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The Standard and Poors index (SPX) set new all-time highs this week on Thursday and Friday, closing the week at 4605 for a weekly gain of 1.1%. It is hard to overstate how strong this recovery has been since the last pull back. Trading volume has reinforced this bullish run, starting below the 50-day moving average (dma) on Monday, but then exceeding the 50 dma in increasing magnitude all week.

VIX, the volatility index for the S&P 500 options, opened the week at 16.1% and closed Friday at 16.3%, essentially unchanged for the week. VIX moved higher Tuesday and Wednesday but declined over the last two trading sessions of the week. Historically, this level of volatility remains moderately high. Some are suggesting this represents low volatility based on the averages since the beginning of the pandemic. I continue to view this level of volatility with caution.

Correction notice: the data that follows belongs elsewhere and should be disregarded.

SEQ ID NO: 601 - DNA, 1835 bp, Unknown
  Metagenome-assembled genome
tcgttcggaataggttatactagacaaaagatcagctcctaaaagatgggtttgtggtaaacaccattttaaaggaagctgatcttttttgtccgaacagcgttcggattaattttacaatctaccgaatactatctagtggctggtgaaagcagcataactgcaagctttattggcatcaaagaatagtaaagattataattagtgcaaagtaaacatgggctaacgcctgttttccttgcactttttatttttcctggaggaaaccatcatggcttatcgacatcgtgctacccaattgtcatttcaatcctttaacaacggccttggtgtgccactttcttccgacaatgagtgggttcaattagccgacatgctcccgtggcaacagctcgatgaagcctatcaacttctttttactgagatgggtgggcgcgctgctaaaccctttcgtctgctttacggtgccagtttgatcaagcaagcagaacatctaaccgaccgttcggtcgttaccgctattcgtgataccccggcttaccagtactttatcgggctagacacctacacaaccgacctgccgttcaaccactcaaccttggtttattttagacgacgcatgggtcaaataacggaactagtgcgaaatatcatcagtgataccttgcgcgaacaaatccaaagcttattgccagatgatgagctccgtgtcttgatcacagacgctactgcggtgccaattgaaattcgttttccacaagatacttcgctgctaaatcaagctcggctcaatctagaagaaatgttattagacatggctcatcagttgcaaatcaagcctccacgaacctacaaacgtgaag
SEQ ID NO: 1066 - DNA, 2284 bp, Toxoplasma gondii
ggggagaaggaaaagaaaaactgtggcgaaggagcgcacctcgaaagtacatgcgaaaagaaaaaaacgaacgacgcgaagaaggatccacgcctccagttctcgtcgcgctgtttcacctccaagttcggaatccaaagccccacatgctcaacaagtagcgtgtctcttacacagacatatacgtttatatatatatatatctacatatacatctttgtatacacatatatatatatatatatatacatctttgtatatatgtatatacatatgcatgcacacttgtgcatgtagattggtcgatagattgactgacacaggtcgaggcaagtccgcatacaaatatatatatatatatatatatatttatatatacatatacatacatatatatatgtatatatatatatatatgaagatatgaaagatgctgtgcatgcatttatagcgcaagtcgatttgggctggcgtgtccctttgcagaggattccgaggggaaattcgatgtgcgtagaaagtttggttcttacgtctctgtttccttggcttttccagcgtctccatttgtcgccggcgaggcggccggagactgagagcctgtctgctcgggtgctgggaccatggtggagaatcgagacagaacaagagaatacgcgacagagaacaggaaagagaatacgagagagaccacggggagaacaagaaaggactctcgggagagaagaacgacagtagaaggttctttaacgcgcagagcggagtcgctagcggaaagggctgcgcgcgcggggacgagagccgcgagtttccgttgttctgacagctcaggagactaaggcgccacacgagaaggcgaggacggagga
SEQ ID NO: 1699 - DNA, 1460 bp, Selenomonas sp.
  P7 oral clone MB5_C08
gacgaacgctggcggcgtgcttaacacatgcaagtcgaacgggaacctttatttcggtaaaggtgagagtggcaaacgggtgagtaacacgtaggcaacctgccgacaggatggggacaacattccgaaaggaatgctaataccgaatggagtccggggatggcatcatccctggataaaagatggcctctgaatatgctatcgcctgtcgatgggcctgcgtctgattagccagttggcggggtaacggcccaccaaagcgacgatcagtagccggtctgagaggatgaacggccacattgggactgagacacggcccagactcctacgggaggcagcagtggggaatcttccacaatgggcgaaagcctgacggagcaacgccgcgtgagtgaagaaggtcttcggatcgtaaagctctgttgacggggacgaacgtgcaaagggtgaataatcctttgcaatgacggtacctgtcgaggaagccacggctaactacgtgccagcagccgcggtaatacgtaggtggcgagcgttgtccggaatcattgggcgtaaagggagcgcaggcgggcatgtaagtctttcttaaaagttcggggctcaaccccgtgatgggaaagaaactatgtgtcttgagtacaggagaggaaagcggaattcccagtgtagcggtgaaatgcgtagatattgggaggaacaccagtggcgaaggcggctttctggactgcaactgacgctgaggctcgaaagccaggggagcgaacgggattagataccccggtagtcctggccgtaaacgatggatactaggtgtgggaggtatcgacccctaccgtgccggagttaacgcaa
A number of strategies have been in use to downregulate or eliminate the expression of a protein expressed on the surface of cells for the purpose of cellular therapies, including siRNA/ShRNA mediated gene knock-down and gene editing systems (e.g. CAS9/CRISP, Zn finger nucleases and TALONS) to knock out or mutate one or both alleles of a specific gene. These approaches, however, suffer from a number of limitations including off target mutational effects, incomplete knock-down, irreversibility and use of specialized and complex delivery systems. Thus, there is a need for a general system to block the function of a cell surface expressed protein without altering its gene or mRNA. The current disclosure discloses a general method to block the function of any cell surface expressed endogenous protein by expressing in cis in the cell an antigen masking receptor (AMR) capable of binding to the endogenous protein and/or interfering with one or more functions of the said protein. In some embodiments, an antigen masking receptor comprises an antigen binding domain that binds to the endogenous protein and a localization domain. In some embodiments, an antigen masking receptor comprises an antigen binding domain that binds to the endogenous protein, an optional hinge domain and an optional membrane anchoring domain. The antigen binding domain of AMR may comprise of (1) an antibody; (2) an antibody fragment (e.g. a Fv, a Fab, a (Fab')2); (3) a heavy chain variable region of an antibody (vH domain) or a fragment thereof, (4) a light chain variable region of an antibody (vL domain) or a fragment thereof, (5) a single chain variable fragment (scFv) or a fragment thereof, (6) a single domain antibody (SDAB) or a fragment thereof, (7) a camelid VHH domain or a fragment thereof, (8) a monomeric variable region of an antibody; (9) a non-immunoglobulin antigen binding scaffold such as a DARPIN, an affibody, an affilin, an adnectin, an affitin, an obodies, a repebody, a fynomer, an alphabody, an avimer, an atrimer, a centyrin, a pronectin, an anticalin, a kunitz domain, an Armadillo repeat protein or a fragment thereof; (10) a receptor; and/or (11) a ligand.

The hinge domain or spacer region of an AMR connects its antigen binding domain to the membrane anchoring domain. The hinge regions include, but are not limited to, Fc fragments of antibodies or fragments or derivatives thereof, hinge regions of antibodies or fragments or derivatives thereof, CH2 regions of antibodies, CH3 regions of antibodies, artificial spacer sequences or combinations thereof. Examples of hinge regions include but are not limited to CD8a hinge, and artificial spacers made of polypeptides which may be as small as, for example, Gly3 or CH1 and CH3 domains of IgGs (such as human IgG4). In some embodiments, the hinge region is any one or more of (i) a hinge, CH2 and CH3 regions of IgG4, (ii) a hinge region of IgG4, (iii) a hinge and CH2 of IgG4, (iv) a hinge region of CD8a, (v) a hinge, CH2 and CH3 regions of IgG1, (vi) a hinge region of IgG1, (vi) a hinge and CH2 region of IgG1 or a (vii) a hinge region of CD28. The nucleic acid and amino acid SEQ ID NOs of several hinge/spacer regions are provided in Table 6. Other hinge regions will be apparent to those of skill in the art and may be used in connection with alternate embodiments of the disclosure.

I track the Russell 2000 index with the IWM ETF. The owners of Russell have priced everyone out of the Russell 2000 index and option data. That is why I plot the IWM prices. IWM has been extremely choppy for the past six months and that trading pattern continues. While the S&P 500 has moved up over 7% since the bottom of the pullback on October 4th and set two new all-time highs this week, IWM remains two percent below its recent high. IWM has not even recovered the high it set on Monday. The market’s high beta stocks are not leading this charge. This is bearish.

The NASDAQ Composite index is matching the performance of the S&P 500 this week, setting two all-time highs and closing at 15498 on Friday, up 50 points. NASDAQ’s trading volume ran above the 50 dma all week but peaked on Tuesday and declined thereafter.

The S&P 500 and NASDAQ are on fire, but the Russell 2000 continues to lag behind. When I read and listen to the daily news, I don’t come away optimistic and bullish on our economic future. But the markets are setting new all-time highs. This doesn’t seem consistent. I admit to a bit of stubbornness. I prefer to think of it as tenacity. I do not understand the economic underpinnings of this market and I remain very cautious. A correction appears to be a rational expectation.